Oral Cancer Health Center

Almost all oral cancers begin in the flat cells (squamous cells) that cover the surfaces of the mouth, tongue, and lips. These cancers are called squamous cell carcinomas.

Oral cancer cells can spread by breaking away from the original tumor. They enter blood vessels or lymph vessels, which branch into all the tissues of the body. The cancer cells often appear first in nearby lymph nodes in the neck. The cancer cells may attach to other tissues and grow to form new tumors that may damage those tissues.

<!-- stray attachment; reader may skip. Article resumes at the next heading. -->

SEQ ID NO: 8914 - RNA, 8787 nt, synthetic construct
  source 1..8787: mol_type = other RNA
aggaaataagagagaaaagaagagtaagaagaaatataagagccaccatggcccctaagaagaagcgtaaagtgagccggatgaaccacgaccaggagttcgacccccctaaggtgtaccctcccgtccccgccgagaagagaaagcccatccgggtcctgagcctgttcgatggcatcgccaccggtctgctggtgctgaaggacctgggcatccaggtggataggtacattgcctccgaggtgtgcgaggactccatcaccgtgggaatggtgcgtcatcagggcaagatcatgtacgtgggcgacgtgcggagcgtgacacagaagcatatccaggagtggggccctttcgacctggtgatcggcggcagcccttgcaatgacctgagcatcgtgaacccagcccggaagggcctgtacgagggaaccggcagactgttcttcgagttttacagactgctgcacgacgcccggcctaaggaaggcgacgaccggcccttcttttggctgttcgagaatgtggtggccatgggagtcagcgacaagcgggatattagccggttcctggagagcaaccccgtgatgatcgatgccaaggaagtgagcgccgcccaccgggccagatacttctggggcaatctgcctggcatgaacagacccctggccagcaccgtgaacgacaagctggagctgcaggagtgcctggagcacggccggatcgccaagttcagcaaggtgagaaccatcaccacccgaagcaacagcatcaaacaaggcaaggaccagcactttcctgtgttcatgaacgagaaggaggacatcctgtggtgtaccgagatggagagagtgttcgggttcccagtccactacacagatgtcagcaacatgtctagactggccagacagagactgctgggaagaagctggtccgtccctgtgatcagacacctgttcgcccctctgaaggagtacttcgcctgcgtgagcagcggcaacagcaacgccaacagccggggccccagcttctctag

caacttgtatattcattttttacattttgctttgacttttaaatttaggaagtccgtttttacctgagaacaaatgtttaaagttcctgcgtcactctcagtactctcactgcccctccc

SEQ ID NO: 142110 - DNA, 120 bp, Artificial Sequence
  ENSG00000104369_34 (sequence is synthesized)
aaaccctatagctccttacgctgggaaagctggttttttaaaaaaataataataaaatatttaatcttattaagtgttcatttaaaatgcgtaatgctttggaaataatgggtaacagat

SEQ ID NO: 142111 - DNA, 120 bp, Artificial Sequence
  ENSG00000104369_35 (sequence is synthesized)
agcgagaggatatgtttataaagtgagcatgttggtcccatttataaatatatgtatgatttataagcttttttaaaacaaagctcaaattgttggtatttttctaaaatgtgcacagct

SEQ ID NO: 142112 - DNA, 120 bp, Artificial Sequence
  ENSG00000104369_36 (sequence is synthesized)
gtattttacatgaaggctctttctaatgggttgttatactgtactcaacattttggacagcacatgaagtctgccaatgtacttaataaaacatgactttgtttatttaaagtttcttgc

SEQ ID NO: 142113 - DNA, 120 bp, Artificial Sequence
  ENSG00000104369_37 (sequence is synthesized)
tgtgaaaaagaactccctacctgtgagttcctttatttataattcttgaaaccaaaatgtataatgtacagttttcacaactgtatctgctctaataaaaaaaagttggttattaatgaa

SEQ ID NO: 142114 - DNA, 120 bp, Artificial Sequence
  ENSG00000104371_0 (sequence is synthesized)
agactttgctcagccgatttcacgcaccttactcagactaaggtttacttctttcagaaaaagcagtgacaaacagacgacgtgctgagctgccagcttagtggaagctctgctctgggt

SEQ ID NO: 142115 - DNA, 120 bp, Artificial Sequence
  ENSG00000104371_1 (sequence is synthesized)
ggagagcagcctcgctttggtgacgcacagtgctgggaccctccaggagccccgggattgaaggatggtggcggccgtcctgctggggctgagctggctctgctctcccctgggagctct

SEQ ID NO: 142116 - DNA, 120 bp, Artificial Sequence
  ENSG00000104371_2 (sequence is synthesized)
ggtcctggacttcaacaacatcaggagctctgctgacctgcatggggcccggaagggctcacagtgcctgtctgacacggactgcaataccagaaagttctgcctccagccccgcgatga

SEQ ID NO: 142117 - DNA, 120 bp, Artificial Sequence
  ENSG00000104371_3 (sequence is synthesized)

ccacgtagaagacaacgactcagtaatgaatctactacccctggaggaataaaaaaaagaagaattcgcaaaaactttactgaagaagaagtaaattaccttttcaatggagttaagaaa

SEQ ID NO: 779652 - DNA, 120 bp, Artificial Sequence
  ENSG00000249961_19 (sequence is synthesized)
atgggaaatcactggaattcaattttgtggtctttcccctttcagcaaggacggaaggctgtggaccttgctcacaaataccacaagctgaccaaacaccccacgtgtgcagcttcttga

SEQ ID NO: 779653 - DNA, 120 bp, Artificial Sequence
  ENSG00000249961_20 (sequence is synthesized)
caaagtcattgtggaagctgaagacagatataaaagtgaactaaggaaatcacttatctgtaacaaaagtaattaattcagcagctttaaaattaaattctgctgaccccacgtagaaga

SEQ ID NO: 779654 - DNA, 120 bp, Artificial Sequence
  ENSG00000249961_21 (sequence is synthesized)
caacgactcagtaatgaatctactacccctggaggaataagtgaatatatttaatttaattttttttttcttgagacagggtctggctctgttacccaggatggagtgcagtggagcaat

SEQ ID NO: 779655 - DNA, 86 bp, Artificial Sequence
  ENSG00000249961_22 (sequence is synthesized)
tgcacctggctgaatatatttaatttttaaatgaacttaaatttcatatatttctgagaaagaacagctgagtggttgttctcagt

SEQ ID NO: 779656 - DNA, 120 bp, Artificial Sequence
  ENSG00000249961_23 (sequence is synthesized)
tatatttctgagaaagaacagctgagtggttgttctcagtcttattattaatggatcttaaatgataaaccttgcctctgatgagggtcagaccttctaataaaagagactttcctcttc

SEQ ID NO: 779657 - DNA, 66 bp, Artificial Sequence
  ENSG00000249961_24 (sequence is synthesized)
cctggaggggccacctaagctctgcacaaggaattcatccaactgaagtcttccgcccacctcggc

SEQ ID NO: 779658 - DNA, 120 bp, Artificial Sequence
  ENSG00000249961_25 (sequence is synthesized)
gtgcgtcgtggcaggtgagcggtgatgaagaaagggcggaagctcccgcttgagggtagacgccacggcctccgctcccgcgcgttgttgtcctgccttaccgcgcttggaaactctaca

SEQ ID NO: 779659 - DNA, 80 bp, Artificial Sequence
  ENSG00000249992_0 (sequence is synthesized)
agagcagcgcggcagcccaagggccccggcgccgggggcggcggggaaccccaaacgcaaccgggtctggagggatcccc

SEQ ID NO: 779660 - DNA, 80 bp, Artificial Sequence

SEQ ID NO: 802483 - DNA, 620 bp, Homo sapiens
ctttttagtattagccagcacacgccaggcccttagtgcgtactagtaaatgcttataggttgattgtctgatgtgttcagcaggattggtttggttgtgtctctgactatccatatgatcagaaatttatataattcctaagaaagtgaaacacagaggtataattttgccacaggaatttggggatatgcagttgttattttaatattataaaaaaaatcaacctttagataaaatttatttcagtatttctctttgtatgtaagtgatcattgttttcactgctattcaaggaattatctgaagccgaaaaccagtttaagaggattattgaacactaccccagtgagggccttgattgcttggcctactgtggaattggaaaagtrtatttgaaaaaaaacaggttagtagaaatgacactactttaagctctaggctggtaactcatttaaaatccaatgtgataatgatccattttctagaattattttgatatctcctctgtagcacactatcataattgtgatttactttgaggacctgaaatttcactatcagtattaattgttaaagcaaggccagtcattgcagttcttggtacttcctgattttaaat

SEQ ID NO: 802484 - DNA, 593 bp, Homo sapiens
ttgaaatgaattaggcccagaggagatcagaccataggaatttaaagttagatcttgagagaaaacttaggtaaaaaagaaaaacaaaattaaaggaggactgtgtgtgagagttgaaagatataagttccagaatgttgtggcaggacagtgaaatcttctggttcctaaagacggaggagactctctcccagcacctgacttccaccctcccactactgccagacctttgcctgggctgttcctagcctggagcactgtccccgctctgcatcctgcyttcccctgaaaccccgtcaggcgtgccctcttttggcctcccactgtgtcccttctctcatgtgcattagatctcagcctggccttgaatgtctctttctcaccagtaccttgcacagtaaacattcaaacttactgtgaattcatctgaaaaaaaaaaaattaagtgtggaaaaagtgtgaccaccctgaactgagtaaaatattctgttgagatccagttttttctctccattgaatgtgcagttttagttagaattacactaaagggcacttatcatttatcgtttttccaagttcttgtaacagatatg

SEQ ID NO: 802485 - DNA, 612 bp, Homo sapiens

Tumors in the mouth or throat can be benign (not cancer) or malignant (cancer). Benign tumors are not as harmful as malignant tumors:

Benign tumors:

  • are rarely a threat to life
  • can be removed and usually don't grow back
  • don't invade the tissues around them
  • don't spread to other parts of the body

Malignant tumors:

  • may be a threat to life
  • can grow back after they are removed
  • can invade and damage nearby tissues and organs
Review Date: 
March 27, 2012
Last Updated:
July 2, 2013